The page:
2013 Reds / Joey Votto is Perfect

Joey Votto on Hitting: “I chose not to make outs any more.”

As Dave noted, the best line of this terrific FanGraphs piece on Joey Votto is the headline quote up there. But there’s much more:

There came a time after his debut where Votto decided his approach wasn’t working. As he puts it, “I chose not to make outs any more.” He leveled his swing, chose to hit the ball to all parts of the field, focused on contact, patience, and line drives, and became one of the best hitters in baseball. This might not all be prescriptive, since not everyone has the combination of contact ability and power that he does, but it certainly worked for him. And the numbers — maybe not the home runs or RBI — have agreed with him every step of the way.

Go read the entire thing. Eno Sarris has gotten inside Votto’s head, and what he found was that Votto knows exactly what he’s doing at the plate. The more I learn about Joey Votto, the more impressed I become.

And the more I learn, the happier I am that he’s a Cincinnati Red.

13 thoughts on “Joey Votto on Hitting: “I chose not to make outs any more.”

    • @Steve Mancuso: His approach certainly does make me a lot happier about the long term contract. Obviously, his body needs to hold up, but I feel like Votto is much more likely to adjust well to the ravages of time than your typical major league star.

  1. And this is why BC ponied up the $$$ to make Joey V a $200MM man. I can’t imaging the Reds making that kind of investment on any other player.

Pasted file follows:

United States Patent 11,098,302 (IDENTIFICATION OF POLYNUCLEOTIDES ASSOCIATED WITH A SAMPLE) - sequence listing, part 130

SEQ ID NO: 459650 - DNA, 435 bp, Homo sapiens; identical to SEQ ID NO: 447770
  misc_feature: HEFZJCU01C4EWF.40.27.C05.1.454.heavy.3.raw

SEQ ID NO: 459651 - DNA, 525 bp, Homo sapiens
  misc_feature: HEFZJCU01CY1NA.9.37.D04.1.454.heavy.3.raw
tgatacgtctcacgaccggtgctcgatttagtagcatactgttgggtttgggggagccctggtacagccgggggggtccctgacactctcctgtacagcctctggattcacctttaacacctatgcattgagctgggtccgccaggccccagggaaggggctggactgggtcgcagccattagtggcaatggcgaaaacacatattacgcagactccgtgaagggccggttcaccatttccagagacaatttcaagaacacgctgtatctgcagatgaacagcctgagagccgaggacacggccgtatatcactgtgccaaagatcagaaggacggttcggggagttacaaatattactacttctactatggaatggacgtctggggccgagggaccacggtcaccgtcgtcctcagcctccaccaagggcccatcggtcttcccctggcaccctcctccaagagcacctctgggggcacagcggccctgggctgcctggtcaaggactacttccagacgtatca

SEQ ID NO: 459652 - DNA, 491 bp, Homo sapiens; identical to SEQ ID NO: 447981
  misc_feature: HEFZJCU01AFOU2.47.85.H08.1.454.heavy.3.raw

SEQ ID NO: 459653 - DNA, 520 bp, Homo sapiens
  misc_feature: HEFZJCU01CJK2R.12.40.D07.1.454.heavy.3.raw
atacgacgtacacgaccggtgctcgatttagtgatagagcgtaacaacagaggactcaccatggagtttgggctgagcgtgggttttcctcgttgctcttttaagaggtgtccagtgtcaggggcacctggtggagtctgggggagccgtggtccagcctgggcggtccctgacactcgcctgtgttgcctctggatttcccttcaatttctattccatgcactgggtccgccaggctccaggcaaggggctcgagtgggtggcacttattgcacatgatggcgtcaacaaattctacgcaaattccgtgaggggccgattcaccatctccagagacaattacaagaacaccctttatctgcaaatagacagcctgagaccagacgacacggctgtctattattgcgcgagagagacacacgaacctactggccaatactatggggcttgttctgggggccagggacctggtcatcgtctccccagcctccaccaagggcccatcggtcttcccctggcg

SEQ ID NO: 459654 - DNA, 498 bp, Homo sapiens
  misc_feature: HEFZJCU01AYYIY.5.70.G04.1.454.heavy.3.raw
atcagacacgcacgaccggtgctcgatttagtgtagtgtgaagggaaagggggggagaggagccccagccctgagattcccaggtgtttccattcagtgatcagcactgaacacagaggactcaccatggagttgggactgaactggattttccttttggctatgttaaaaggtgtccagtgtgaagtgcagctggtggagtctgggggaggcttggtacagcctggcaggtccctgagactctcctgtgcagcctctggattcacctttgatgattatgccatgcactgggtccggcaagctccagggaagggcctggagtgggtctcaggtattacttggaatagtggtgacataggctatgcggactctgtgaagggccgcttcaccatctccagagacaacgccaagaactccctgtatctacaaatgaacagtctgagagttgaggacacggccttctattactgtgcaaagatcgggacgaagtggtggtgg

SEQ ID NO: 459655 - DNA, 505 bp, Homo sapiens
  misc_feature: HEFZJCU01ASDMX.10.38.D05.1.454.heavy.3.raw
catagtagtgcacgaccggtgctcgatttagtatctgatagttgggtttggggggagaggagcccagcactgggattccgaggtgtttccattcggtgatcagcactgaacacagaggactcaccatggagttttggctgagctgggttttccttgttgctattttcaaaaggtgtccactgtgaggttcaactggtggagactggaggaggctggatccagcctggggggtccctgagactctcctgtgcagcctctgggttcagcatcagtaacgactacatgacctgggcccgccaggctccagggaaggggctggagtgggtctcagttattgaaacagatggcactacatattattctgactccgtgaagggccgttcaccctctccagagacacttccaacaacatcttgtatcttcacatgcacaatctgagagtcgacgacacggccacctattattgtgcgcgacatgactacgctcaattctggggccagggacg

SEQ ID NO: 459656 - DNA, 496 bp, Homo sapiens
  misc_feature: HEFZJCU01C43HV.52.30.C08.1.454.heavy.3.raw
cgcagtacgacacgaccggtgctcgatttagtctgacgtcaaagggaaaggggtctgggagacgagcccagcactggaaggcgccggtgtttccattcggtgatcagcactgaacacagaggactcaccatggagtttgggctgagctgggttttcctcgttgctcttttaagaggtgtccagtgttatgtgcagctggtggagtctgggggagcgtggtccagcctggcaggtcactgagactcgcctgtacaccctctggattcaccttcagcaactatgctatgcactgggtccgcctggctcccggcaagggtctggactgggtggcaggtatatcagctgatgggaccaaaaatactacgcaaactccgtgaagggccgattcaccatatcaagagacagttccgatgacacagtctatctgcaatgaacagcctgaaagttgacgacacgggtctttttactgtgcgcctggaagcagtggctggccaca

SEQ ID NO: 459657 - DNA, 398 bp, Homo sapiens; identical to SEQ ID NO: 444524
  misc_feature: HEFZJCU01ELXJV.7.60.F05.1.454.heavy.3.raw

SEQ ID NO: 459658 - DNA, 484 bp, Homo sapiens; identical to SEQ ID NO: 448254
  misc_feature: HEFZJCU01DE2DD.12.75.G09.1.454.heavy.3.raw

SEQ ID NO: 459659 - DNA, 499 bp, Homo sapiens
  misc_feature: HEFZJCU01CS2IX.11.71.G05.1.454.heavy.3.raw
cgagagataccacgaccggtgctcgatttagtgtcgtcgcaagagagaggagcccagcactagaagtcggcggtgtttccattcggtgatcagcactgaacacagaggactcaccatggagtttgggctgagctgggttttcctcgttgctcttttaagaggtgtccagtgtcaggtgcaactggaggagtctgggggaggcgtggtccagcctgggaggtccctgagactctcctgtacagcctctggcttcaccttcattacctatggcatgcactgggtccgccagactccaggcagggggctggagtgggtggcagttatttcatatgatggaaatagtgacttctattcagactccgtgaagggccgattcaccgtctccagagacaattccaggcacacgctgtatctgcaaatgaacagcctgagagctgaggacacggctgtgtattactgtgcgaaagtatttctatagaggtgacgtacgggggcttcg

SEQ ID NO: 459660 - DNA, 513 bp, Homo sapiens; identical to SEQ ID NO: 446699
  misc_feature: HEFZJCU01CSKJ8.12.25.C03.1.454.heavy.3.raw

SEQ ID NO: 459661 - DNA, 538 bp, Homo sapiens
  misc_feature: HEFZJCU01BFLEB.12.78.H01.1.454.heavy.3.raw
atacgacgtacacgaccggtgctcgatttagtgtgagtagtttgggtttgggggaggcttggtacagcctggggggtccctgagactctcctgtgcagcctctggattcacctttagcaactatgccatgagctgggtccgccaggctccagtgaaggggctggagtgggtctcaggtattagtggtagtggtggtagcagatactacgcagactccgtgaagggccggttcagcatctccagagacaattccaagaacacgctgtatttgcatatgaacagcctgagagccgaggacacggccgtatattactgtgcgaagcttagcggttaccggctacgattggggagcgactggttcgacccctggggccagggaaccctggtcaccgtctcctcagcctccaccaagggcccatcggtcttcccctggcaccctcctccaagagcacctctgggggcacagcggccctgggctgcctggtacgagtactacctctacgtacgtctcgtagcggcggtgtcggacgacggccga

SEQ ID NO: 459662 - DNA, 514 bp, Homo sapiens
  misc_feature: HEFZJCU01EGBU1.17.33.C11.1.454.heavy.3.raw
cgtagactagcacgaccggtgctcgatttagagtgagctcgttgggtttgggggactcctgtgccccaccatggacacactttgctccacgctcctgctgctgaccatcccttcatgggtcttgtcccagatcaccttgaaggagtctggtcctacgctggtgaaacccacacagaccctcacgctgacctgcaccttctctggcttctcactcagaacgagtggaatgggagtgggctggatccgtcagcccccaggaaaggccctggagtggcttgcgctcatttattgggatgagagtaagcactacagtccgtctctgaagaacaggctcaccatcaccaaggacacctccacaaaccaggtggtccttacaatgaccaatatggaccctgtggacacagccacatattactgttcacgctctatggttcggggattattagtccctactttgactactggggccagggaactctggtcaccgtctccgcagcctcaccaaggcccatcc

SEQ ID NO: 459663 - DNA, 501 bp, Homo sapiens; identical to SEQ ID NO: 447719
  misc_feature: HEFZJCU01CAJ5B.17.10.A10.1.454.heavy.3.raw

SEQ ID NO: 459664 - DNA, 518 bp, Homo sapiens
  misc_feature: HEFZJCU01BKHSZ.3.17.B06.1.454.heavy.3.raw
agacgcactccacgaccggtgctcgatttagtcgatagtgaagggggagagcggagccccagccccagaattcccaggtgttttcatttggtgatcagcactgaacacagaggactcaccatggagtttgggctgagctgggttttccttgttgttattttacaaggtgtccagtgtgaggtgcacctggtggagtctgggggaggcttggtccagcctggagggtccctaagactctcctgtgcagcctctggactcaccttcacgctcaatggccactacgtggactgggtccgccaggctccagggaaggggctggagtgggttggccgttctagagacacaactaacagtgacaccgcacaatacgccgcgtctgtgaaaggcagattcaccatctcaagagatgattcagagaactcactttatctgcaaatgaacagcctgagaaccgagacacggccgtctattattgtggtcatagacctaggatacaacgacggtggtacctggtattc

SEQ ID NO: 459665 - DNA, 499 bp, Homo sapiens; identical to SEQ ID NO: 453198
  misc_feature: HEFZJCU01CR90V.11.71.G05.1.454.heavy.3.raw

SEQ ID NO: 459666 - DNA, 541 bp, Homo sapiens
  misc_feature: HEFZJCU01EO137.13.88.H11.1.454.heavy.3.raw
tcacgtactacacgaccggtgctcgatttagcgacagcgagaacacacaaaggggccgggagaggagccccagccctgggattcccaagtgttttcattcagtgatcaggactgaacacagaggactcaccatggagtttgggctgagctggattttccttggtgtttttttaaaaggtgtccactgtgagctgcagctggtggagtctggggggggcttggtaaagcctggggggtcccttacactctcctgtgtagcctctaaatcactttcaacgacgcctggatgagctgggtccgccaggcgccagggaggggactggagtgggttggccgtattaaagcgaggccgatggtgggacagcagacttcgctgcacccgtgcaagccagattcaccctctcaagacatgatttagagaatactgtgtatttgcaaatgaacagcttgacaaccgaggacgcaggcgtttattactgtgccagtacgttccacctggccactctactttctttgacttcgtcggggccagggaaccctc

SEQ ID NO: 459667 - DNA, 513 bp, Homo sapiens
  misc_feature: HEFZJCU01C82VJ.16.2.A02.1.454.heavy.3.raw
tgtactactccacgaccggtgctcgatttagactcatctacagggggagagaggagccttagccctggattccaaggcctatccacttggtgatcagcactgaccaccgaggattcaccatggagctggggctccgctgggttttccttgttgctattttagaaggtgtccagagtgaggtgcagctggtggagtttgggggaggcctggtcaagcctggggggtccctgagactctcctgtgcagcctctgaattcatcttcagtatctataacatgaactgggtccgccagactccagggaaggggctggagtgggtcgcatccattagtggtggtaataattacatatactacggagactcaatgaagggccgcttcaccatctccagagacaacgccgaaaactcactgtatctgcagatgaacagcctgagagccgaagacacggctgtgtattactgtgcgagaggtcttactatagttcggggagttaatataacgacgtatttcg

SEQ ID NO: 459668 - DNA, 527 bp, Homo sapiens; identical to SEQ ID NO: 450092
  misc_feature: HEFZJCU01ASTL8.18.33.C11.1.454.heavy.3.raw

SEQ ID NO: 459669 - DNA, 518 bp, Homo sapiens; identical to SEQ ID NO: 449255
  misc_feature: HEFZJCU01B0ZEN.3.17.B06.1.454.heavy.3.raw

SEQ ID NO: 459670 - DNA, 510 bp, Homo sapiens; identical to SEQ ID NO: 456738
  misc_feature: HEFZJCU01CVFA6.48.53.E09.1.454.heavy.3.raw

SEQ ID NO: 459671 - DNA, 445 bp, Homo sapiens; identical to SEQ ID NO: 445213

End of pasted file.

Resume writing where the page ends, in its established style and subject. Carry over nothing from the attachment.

Without the knee injury last season, Joey V walks (no pun intended) away with his 2nd MVP in 3 years and leads the Reds to the promised land in 2012. Now the knee is healed, Joey V is healthy, it’s 2013, Choo and BP are setting the table in front of him and Ludwick and Bruce are backing him up.

    Part the Reds Sea, Joey V!!!

  2. Just imagine what he could do as a hitting coach. All of those uber talented but frustrating prospects? Lock them in a room with JV and at the end of the day they’ll be superstars. It’s that simple!

  3. He seems like the kind of guy who could be a great manager or GM some day. He knows the game so well, it’s scary. He and Hanigan are probably two of the most intelligent players in baseball, and both have managed success beyond their talents alone. It’d be nice if Bruce could do the same this year!

  4. My favorite line in the article: Jeff Sullivan famously noted that there have been more perfect games than Votto infield flies since 2009

    To which someone in the comments section replied, I hope the next pitcher to induce an infield fly from Votto celebrates like he just threw a perfect game.

    The thought of this happening makes me laugh.

      • @Shchi Cossack: I just love the thought of a pitcher getting a random out in the third inning and just going crazy. Throwing his glove in the air and running and jumping into his catchers arms. That would be great. For those of us in the know, we would realize it would be justified as inducing Votto into an infield fly is indeed more rare than a perfect game.

  5. The Reds are in the presence of greatness. I very much wonder what Dusty thinks about Votto’s philosophy, if he secretly wishes he wouldn’t look for as many walks (be aggressive man!) or tried to knock a few more out of the park (Hank Aaaron style).

    • @Matt WI: Both Dusty & Jacoby are intelligent individuals who realize when to leave well enough alone. I do know that Dusty & Jacoby tried to ‘fix’ Hanigan’s hitting a couple years ago and get more HR from him. That experiment failed miserably and I believe Hanigan finally just shucked their advice and guidance to focus on his own approach to hitting that he adapted in order to get through the minors and into the show.

  6. What a hitting philosophy to have. “I chose not to make outs anymore.” Short, sweet, and simple. Every kid from little leagues up to the college ranks should adopt this approach. The quintessential “Put the barrel of the bat on the ball.” Sweet.

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